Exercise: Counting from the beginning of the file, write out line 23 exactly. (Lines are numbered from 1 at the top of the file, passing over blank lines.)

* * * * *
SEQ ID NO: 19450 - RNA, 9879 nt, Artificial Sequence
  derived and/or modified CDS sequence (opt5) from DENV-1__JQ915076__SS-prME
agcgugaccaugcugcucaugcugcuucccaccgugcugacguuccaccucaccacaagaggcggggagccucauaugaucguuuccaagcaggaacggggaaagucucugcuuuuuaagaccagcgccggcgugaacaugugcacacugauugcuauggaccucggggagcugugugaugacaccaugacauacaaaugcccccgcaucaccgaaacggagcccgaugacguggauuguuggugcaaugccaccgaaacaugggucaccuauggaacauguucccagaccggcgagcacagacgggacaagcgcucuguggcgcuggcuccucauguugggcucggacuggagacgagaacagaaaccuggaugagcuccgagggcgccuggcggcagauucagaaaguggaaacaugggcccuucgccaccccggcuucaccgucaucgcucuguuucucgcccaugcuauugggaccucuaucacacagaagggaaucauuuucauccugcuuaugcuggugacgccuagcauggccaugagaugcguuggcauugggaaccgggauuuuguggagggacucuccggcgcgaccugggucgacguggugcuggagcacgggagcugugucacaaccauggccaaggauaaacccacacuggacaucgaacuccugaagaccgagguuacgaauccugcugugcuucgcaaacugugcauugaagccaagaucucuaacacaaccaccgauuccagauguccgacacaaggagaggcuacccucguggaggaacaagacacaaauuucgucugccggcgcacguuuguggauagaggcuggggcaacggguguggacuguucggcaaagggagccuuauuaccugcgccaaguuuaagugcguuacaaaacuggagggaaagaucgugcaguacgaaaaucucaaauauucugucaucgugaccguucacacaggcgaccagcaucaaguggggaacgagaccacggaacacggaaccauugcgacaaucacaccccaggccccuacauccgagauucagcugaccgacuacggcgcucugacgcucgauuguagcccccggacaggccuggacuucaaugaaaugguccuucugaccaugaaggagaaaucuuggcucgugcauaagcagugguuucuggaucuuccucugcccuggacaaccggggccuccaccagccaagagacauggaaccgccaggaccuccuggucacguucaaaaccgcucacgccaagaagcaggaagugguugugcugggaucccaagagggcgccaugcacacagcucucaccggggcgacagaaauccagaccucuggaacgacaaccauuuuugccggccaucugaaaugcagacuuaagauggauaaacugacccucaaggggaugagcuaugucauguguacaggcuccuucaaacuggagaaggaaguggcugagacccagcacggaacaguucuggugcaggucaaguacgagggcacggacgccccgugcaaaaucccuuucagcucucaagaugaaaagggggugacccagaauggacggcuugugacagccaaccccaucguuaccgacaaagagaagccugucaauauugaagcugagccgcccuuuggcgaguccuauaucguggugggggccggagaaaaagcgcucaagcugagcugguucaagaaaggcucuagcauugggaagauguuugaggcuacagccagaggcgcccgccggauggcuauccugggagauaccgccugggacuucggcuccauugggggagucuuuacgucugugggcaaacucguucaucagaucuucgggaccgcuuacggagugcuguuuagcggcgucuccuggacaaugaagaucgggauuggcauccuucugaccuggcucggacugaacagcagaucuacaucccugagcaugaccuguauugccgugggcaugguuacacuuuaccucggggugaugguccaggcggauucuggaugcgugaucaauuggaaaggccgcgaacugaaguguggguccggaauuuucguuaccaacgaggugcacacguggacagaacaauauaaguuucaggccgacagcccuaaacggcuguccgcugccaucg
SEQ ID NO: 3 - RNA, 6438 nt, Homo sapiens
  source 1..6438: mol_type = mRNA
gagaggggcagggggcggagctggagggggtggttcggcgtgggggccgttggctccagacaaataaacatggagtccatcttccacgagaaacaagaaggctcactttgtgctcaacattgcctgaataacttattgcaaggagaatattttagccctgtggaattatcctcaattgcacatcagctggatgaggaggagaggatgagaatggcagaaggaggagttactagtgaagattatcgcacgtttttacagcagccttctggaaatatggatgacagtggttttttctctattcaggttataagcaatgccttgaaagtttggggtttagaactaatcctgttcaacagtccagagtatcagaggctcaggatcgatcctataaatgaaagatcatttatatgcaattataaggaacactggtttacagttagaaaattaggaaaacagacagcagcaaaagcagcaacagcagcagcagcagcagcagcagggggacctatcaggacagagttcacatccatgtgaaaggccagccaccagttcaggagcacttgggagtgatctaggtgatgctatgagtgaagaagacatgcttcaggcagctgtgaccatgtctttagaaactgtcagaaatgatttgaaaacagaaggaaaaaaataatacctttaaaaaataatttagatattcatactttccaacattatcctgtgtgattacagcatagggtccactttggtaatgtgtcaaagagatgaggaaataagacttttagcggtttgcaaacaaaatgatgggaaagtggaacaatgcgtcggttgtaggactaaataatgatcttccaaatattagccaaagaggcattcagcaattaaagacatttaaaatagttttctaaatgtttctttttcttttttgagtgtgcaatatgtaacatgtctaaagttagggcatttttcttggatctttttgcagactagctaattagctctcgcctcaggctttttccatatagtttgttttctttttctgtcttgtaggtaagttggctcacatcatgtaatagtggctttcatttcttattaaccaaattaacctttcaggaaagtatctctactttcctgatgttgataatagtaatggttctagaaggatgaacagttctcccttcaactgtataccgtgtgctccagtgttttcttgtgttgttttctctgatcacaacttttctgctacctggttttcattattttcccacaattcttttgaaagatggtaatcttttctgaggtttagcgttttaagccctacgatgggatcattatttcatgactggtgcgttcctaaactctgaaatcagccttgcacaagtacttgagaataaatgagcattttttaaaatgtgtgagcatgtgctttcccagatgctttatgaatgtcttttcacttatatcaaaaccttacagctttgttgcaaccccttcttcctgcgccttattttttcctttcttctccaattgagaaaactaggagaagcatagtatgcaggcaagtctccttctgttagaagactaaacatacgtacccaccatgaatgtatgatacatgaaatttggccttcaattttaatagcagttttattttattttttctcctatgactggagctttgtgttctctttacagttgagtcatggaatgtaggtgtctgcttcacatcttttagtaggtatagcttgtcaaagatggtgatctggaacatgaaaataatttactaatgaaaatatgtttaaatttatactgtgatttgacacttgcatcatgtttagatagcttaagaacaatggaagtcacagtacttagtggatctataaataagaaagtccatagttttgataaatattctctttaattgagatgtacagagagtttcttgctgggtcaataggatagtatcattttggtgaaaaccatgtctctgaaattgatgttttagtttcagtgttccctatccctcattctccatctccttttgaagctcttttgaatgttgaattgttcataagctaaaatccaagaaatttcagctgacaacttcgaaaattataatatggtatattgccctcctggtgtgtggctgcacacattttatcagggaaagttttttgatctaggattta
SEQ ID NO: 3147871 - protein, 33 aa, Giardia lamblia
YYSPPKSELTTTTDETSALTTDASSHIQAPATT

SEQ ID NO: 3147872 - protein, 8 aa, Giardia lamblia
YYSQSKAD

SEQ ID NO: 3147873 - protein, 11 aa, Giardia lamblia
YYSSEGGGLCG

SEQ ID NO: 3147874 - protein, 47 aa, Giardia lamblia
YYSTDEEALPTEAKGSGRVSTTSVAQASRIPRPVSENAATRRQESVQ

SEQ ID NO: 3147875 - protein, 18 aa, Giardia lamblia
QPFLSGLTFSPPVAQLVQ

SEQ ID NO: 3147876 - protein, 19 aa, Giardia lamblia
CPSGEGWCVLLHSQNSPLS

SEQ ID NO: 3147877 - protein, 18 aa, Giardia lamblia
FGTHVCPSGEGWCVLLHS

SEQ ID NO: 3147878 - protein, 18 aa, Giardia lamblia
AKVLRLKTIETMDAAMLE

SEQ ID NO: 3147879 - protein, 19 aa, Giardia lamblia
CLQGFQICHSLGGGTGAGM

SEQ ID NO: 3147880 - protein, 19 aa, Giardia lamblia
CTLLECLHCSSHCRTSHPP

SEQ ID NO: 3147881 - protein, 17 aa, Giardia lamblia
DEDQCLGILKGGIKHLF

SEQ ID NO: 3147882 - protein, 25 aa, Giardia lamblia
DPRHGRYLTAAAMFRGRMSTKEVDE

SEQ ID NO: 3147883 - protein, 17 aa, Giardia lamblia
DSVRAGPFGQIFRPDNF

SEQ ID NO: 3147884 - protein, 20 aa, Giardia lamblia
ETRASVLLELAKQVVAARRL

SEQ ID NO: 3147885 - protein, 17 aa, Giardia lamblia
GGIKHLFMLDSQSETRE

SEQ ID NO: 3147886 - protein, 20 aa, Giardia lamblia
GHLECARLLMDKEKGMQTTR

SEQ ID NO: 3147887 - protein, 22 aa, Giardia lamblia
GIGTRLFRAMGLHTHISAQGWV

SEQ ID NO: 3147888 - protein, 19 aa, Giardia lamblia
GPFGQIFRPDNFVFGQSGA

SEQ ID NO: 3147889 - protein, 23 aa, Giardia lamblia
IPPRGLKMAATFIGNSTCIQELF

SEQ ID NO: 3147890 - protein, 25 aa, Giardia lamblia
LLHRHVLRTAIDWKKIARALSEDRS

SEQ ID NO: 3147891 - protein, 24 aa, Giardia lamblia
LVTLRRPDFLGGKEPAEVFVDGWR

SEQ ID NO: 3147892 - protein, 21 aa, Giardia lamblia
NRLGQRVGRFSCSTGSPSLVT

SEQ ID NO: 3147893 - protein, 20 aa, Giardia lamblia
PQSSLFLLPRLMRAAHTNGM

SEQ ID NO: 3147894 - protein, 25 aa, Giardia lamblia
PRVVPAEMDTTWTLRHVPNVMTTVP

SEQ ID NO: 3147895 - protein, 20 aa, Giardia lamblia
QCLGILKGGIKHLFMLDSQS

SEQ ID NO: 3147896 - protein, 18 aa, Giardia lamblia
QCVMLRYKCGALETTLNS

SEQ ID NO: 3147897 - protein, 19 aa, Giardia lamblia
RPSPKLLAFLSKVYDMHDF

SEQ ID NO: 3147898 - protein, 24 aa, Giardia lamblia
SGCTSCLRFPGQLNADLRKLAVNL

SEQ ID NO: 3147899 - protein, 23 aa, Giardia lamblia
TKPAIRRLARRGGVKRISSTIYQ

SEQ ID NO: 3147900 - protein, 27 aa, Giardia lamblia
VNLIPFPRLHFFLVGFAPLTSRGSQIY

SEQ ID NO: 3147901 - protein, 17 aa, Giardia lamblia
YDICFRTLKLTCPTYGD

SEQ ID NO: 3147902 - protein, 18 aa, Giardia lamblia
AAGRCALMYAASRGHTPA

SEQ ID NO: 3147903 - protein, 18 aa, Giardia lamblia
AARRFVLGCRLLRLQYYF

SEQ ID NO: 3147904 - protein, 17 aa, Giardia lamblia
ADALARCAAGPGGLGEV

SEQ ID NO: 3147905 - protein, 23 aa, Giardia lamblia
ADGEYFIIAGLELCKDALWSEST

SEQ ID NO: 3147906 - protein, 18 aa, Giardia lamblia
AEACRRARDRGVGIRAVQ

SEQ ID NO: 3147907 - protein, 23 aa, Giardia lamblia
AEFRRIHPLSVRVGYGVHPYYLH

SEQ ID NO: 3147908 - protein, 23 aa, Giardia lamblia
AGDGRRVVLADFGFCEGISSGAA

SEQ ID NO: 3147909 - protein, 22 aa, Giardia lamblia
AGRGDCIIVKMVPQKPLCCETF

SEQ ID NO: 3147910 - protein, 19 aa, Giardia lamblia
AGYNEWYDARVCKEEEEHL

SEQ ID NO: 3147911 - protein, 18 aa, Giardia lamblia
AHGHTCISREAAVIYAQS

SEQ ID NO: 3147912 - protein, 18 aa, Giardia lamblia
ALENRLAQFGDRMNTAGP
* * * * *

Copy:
SEQ ID NO: 3147879 - protein, 19 aa, Giardia lamblia